Tongue Tie – What’s all the fuss?

What is tongue tie?

Tongue-tie, also known as Neonatal Ankyloglossia, is a congenital anomaly characterised by the thin piece of skin under a baby’s tongue (lingual frenulum) affecting the appearance or function of the tongue. It may be short, less elastic or attach towards the front of the underside of the tongue. The degree of this restriction and its’ effects on function can vary greatly. Tongue tie is said to occur in somewhere between 3-4% of newborns.

What are the signs and symptoms of tongue tie?

Many tongue ties are asymptomatic and may not require treatment, with some improving as a child grows. There is a growing acceptance however, that tongue tie may impact on a baby’s ability to latch at the breast and breastfeed effectively. Significant tongue tie can prevent the infant from being able to extend and elevate the tongue past the gum line, which may result in a shallow latch and limit the normal motion of the tongue during feeding.

Breastfeeding difficulties may include signs that the baby is feeding on the end of the nipple including nipple pain and damage (this means that the nipple is pushed up against the hard palate rather than the soft palate and more likely to suffer trauma); baby losing suction while feeding; baby making clicking sounds when feeding; or signs of poor transfer of milk – baby failing to gain weight well, recurrent mastitis or blocked ducts. It is important to note that you may not have all of these symptoms when feeding a baby with tongue tie, as some babies compensate adequately. There are also many other causes of these breastfeeding difficulties that are unrelated to tongue tie – these should be explored by an International Board Certified Lactation Consultant (IBCLC).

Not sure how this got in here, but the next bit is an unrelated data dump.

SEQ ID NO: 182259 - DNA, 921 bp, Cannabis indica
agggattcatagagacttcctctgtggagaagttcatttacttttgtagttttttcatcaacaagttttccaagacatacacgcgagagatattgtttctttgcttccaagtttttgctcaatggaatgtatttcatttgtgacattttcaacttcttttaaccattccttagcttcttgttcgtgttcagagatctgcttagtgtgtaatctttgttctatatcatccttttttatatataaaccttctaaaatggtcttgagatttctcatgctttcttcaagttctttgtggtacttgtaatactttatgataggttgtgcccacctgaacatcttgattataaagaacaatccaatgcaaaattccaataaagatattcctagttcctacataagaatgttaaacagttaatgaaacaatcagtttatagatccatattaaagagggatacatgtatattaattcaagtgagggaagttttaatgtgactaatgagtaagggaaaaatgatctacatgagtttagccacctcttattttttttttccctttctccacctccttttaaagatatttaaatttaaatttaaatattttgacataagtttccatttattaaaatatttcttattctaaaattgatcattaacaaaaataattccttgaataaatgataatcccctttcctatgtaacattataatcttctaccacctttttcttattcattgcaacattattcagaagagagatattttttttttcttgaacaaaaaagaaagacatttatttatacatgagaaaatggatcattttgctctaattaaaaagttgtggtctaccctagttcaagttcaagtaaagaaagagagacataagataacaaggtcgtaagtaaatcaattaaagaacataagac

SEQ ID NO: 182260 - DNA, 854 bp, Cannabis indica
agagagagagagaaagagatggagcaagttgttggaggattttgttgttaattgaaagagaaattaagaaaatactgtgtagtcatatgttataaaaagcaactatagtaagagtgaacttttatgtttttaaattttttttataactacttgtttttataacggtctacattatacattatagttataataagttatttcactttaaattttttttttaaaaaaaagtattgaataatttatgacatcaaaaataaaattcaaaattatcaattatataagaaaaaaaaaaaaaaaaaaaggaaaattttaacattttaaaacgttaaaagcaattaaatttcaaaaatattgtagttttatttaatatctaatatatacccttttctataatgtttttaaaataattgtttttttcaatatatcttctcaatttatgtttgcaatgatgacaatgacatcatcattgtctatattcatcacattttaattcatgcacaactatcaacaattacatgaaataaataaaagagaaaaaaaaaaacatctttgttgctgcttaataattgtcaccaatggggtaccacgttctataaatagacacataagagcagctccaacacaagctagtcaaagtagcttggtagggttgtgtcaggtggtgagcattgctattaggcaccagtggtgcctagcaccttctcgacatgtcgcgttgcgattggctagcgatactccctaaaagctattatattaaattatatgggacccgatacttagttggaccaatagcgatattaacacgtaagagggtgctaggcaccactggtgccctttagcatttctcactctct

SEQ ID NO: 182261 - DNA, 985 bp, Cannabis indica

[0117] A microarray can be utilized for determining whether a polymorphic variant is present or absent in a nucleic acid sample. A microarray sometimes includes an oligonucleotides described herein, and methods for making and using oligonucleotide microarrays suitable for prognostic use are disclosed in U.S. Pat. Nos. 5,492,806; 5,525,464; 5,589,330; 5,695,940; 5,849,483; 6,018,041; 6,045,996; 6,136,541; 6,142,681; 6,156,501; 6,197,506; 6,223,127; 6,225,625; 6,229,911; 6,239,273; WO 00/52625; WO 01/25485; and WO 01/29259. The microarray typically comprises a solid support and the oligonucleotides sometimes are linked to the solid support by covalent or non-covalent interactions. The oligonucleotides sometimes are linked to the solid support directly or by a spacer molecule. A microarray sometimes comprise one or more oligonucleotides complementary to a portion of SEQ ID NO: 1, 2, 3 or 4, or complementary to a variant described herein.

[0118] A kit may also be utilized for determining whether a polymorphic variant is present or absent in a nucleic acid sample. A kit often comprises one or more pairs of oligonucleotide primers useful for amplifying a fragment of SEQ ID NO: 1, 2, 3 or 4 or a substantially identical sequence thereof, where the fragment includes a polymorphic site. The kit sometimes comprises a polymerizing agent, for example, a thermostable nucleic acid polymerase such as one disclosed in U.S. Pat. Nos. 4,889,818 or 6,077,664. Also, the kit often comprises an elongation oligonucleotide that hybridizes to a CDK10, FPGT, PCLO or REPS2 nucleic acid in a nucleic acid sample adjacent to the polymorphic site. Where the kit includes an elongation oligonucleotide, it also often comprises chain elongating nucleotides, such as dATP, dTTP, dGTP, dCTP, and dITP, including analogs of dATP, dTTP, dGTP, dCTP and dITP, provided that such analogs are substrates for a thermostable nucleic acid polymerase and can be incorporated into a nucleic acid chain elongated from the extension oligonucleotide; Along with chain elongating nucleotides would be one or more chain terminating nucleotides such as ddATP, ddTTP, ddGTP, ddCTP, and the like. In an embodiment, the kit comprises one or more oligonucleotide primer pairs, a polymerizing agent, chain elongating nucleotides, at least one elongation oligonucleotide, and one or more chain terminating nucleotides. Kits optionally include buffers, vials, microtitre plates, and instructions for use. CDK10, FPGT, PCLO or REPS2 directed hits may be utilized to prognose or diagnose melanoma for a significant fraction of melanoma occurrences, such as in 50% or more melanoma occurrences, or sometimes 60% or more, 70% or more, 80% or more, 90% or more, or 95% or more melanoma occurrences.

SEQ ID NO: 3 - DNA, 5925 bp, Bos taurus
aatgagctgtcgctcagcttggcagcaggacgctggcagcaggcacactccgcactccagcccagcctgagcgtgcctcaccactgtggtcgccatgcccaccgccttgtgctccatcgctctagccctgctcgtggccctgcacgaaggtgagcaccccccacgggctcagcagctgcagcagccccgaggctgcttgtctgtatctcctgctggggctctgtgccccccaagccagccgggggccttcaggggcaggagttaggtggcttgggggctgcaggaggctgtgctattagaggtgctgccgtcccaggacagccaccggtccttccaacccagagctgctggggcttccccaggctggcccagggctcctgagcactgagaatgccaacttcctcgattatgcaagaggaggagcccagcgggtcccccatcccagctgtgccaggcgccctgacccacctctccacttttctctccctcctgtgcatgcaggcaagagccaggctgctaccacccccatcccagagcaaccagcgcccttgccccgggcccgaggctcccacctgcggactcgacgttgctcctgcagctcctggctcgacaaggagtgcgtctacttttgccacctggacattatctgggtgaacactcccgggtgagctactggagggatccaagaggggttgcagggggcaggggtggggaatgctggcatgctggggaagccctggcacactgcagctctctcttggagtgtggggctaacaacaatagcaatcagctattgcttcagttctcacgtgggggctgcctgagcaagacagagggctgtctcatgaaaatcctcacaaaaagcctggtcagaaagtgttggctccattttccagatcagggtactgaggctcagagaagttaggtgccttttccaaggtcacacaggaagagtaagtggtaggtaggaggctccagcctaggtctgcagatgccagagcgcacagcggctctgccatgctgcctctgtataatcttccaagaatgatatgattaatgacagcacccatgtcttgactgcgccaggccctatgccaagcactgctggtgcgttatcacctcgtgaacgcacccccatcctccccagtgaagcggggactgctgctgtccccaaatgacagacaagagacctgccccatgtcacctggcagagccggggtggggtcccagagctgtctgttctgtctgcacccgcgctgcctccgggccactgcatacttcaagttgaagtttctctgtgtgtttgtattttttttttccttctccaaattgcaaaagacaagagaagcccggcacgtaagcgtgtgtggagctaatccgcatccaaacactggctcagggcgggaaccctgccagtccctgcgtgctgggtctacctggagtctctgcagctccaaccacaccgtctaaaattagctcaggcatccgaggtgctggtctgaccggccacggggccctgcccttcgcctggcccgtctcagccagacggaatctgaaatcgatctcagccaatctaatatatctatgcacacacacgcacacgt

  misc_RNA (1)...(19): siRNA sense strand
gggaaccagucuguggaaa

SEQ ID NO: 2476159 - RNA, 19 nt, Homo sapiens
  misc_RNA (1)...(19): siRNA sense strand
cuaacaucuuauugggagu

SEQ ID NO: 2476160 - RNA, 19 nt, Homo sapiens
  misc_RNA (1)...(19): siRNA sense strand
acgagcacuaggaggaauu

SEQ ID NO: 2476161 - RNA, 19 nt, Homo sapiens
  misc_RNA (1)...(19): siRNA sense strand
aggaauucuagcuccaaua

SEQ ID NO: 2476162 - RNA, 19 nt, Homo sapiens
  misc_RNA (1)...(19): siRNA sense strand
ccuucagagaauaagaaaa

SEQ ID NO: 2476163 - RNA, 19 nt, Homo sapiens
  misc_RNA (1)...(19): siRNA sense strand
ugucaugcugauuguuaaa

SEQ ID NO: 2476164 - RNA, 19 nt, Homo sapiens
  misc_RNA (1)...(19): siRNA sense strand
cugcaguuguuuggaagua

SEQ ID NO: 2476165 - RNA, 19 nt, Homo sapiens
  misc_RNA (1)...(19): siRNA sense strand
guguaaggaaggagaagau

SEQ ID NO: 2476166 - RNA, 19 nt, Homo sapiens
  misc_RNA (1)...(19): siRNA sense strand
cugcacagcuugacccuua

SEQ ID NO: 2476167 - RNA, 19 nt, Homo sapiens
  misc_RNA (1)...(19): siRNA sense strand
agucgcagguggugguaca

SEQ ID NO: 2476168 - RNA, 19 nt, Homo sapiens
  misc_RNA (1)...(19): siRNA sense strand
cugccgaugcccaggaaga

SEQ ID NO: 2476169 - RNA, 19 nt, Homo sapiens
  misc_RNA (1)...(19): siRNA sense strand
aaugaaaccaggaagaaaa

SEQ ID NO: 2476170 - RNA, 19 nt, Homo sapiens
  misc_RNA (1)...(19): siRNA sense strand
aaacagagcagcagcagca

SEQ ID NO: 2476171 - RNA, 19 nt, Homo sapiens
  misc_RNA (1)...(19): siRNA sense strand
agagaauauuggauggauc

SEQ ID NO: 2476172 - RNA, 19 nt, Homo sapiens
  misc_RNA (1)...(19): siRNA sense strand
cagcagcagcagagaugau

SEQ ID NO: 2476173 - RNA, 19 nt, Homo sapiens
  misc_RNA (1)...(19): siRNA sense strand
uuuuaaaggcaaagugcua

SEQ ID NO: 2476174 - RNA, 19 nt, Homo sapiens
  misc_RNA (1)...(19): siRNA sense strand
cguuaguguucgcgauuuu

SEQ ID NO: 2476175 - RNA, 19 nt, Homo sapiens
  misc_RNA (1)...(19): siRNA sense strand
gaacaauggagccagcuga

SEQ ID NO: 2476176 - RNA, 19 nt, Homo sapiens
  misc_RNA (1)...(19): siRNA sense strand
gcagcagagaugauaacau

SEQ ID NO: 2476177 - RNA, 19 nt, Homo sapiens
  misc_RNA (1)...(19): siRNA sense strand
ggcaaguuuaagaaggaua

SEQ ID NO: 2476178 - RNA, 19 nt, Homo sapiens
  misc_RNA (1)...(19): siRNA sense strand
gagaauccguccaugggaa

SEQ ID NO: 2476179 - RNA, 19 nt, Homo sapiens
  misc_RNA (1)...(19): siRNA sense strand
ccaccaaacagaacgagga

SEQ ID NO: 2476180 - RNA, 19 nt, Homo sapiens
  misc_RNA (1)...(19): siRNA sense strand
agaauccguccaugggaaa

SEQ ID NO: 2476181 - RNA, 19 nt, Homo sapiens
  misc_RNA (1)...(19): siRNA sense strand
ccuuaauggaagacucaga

What does this mean?

Given the difficulty confirming the effects of tongue tie, there is understandable controversy in some circles around the treatment options. There are very limited high quality studies around the short and long term consequences of tongue tie. Possible issues that have been suggested include feeding and speech difficulties, as well as oral hygiene issues and orthodontic abnormalities.

It is reasonable to suggest that all newborn infants, whether having feeding difficulties or not, should have an examination of the oral cavity that assesses function of the tongue as well as anatomy.

Diagnosis of tongue tie

Diagnosis for this condition must include adequate assessment of both structure and function. This means that diagnosis cannot be made from a photo alone. Examination includes palpation of the oral cavity as well as assessment of the range of motion of the tongue and length, elasticity and points of insertion of the sublingual frenulum. Commonly used assessment tools include the Assessment Tool for Lingual Frenulum Function (ATLFF) by Alison Hazelbaker or the Frenotomy Decision Tool for Breastfeeding Dyads by Carole Dobrich. Diagnosis may also include the classification of an anterior or posterior tongue tie, both of these have different characteristics. Examination should also include assessment of the cheek and lip cavities for lip and buccal ties.

What about lip ties?